Juli

    My first thought when I think about King Henry VIII is this: Divorced, Beheaded, Died, Divorced Beheaded, Survived. It's almost automatic to think of Henry in terms of his disastrous marriages....and the effect those dramas had on English history, religion, and the monarchy. Tracy Borman wants to redirect the focus from the women in Henry's life to the men -- his father, his older brother who died, his advisors, councilors, friends, frenemies, servants -- all the men surrounding Henry from childho My first thought when I think about King Henry VIII is this: Divorced, Beheaded, Died, Divorced Beheaded, Survived. It's almost automatic to think of Henry in terms of his disastrous marriages....and the effect those dramas had on English history, religion, and the monarchy. Tracy Borman wants to redirect the focus from the women in Henry's life to the men -- his father, his older brother who died, his advisors, councilors, friends, frenemies, servants -- all the men surrounding Henry from childhood, helping form his character and behavior. From Hans Holbein, the court painter who created the portraits we still see today, to the powerful Dukes of Buckingham and Norfolk, all the way down the court pecking order to Will Somer the Court Fool...Henry was surrounded by men all his life from his birth to his death at 55. And those men had a profound effect on Henry, his decisions, his personality....and his cruelty. I enjoyed this book! I read it slowly over a two week period, letting the history and information soak into my brain. I came to this conclusion...if Henry VIII was truly fickle, paranoid, vain, obsessed with a male heir, cruel and horribly misguided at times....who made him that way? The men who surrounded him -- giving advice, scrounging for power and favor, practicing deceit to influence Henry's decisions, always watching, always waiting, always wanting.... No wonder Henry was paranoid. No wonder he was obsessed with leaving an heir to the throne. No wonder he turned on faithful advisors, friends, and nobility when it pleased him to have them executed. The treatment of Henry's wives was brought about not only by Henry's obsessions and fickle nature, but also by the advisors that surrounded him. They whispered the lies. They arranged the trials. They pushed their daughters in front of him. They gave Henry what they told him he wanted. They created the king who has a high spot on the list of worst monarchs in history. So while Henry VIII is responsible for his own behavior (as are we all), the men around him that helped mold him are also partially (maybe even mostly) to blame. Awesome book! I thoroughly enjoyed this look at Henry VIII, the men in his life and court, and how they molded the king. This book is non-fiction and contains a lot of names, dates, historical facts, etc. Great for those who love reading about the Tudors....not so great for those who don't enjoy non-fiction or pure history. Those who enjoyed Borman's earlier book -- The Private Lives of the Tudors -- will also enjoy this book. I enjoy Borman's writing style. She presents the facts in an interesting way. I never feel like I'm reading a stuffy textbook. Great information -- I loved it! **I voluntarily read an advanced readers copy of this book from Grove Atlantic. All opinions expressed are entirely my own. No advisors or spouses were beheaded in the writing of this review.)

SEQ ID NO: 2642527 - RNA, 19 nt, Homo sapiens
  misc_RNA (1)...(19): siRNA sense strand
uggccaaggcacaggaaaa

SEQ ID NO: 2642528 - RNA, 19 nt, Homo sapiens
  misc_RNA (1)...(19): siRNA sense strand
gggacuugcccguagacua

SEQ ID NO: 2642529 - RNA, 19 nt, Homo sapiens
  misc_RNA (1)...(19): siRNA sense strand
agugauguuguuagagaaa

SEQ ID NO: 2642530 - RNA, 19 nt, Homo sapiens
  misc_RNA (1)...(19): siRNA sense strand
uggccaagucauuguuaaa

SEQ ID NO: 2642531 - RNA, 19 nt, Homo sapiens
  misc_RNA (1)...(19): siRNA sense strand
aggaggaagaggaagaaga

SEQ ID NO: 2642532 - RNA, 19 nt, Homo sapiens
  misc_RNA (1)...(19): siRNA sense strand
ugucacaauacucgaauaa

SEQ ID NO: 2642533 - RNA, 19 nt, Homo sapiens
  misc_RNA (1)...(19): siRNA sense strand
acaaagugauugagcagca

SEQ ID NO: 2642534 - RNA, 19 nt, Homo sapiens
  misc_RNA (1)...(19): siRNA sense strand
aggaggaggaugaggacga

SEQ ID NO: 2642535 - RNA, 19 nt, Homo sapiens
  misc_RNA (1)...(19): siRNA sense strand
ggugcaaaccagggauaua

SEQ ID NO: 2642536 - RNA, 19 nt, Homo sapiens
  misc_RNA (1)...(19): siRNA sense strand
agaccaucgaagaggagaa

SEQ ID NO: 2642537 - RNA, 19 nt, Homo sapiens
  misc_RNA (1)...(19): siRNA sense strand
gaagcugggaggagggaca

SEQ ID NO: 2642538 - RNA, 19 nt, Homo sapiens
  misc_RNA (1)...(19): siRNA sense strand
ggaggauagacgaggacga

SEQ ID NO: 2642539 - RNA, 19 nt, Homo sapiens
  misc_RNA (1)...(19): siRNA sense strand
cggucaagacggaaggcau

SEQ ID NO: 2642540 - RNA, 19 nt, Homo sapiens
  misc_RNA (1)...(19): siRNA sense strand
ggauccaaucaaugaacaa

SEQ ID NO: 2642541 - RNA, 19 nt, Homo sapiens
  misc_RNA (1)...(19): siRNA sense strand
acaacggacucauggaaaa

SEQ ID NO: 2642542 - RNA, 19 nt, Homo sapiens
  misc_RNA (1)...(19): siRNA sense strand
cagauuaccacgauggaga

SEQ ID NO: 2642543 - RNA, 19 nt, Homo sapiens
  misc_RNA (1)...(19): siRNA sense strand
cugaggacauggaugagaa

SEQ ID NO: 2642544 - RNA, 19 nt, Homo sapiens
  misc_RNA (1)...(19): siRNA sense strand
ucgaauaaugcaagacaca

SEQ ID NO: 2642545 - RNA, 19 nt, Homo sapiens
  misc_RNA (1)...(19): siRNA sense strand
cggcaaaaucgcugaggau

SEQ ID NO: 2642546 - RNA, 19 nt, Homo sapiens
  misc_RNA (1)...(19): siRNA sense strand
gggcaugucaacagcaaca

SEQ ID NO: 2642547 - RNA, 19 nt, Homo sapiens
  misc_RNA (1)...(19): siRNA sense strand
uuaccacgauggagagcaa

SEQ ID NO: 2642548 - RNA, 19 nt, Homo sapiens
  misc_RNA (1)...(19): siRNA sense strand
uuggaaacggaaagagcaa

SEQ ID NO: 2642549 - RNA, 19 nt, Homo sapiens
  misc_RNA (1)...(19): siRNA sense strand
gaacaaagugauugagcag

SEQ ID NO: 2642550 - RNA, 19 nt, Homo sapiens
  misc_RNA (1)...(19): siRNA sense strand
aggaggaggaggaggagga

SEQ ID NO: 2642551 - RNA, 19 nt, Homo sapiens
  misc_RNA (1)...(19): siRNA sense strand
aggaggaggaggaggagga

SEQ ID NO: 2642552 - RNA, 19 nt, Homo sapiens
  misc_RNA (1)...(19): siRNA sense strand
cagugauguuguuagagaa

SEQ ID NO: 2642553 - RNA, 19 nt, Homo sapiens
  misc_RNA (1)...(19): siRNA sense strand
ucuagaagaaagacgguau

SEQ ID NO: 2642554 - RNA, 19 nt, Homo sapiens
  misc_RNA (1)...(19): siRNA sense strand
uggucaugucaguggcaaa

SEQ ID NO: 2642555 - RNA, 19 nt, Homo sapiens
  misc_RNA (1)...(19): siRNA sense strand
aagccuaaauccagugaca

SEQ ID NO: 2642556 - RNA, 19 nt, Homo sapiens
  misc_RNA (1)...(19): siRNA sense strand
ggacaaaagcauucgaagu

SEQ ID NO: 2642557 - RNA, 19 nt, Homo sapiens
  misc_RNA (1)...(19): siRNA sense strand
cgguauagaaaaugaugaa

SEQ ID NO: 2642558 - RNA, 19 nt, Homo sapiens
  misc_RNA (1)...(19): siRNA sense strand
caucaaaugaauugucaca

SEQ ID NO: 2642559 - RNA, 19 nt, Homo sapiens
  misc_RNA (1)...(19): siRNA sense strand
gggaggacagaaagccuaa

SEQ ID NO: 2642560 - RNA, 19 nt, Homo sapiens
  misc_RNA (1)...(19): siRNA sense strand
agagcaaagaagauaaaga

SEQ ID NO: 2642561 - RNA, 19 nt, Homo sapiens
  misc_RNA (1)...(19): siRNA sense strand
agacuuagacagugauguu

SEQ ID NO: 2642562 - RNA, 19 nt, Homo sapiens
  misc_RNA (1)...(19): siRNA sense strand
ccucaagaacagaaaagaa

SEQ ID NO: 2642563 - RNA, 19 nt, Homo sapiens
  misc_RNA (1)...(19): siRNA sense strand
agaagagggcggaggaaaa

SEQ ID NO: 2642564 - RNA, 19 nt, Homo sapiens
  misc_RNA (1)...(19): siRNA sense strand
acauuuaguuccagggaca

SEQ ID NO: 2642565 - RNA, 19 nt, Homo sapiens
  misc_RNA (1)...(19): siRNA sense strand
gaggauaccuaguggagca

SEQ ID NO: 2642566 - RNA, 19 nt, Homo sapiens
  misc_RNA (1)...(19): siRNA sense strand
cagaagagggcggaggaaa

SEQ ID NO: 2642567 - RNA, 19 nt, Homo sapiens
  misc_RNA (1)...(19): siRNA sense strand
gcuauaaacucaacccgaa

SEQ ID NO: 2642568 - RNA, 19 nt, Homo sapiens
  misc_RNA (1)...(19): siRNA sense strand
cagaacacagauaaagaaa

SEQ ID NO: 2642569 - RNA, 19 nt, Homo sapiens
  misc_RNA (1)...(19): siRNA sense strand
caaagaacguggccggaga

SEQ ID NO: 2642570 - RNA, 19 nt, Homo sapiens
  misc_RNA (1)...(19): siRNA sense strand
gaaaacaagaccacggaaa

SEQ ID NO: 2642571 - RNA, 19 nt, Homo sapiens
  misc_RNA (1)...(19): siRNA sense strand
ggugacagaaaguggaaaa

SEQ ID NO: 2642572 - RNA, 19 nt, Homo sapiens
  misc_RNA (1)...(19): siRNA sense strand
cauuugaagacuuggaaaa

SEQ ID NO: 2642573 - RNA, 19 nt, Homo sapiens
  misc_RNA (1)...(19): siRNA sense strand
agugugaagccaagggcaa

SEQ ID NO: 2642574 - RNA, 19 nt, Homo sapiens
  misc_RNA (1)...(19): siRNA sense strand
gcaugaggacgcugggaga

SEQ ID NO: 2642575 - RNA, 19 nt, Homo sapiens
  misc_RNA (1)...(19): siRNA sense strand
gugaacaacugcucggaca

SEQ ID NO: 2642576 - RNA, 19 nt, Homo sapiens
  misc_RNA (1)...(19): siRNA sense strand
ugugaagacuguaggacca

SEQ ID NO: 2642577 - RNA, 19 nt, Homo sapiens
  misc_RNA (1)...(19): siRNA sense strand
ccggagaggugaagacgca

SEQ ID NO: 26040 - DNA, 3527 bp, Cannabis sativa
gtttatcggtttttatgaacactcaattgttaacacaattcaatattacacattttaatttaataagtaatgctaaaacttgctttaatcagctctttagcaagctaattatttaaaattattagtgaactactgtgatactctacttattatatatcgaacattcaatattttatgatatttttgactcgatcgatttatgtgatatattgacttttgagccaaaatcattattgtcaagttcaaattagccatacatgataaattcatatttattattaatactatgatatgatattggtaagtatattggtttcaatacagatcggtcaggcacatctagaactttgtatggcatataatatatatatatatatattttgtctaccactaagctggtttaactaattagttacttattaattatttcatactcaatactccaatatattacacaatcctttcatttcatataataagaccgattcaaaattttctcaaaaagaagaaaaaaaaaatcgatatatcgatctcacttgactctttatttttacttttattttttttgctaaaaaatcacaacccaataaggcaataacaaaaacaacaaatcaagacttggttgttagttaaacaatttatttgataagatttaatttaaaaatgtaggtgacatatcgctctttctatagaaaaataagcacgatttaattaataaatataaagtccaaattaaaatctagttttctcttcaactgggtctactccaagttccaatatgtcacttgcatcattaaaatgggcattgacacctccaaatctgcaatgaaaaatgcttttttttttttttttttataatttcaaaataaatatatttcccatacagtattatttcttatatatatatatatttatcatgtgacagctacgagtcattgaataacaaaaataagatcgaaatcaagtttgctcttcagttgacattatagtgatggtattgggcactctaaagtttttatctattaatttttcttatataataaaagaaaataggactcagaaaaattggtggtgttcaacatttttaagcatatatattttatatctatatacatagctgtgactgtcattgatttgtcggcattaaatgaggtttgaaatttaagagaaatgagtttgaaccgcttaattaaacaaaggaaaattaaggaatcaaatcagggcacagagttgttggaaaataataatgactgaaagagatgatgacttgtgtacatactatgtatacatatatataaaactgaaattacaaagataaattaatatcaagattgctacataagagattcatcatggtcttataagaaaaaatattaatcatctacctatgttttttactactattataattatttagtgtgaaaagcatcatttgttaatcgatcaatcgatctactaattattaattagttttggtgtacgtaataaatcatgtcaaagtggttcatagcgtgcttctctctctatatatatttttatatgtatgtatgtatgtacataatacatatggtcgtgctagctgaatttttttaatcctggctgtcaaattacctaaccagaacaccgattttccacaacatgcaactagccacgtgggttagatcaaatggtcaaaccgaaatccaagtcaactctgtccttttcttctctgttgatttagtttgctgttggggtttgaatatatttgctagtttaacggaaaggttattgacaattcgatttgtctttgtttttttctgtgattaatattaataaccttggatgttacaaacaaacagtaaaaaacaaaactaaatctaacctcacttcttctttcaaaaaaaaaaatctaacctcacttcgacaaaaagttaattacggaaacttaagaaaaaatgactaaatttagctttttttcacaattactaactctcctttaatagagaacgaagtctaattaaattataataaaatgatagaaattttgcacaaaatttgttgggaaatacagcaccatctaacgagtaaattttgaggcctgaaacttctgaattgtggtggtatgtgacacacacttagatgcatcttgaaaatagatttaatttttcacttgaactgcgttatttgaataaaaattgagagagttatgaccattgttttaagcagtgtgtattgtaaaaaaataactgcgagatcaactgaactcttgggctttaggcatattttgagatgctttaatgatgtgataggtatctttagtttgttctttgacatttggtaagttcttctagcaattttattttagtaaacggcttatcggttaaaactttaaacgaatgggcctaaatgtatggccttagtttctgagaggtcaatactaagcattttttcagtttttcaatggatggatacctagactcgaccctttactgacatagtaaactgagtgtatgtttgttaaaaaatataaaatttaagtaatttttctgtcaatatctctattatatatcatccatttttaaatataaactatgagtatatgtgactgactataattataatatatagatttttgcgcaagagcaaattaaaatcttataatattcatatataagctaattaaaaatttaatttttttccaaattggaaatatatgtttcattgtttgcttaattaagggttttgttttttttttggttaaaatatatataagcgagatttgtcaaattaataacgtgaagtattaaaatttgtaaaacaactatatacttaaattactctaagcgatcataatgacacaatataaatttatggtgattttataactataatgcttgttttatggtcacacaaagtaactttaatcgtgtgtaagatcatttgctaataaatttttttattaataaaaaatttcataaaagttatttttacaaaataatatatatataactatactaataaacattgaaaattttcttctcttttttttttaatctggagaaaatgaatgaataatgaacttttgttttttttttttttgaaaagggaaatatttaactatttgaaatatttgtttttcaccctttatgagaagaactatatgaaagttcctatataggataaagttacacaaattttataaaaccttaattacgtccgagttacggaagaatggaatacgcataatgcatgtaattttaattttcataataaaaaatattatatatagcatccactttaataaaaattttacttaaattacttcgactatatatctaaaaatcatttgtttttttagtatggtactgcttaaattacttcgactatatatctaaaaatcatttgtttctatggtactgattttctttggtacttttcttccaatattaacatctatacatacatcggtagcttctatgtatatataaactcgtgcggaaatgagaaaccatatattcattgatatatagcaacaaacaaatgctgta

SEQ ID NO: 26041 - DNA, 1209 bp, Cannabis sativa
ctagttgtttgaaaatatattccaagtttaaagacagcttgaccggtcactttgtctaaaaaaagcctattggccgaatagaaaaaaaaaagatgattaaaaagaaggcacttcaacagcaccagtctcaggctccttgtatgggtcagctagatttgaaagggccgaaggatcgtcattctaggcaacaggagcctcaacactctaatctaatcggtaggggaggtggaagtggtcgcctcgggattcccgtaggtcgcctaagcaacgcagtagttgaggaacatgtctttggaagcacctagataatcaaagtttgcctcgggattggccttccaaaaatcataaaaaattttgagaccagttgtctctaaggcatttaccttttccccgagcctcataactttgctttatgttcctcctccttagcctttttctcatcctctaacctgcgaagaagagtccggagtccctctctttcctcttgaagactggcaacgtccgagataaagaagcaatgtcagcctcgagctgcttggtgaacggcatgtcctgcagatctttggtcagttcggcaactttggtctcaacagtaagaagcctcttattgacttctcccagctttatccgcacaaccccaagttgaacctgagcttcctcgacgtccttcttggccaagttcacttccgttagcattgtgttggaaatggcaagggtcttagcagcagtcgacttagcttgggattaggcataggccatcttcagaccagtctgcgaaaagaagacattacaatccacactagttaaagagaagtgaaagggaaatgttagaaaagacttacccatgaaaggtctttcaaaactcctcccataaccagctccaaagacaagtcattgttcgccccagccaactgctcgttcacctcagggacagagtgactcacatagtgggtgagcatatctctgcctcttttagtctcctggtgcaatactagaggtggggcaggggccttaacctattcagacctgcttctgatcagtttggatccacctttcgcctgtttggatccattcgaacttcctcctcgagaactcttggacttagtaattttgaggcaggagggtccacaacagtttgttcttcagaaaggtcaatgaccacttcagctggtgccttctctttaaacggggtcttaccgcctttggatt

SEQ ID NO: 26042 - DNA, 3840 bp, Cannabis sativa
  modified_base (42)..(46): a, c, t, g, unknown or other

5. 4 out of 5

    Juliew.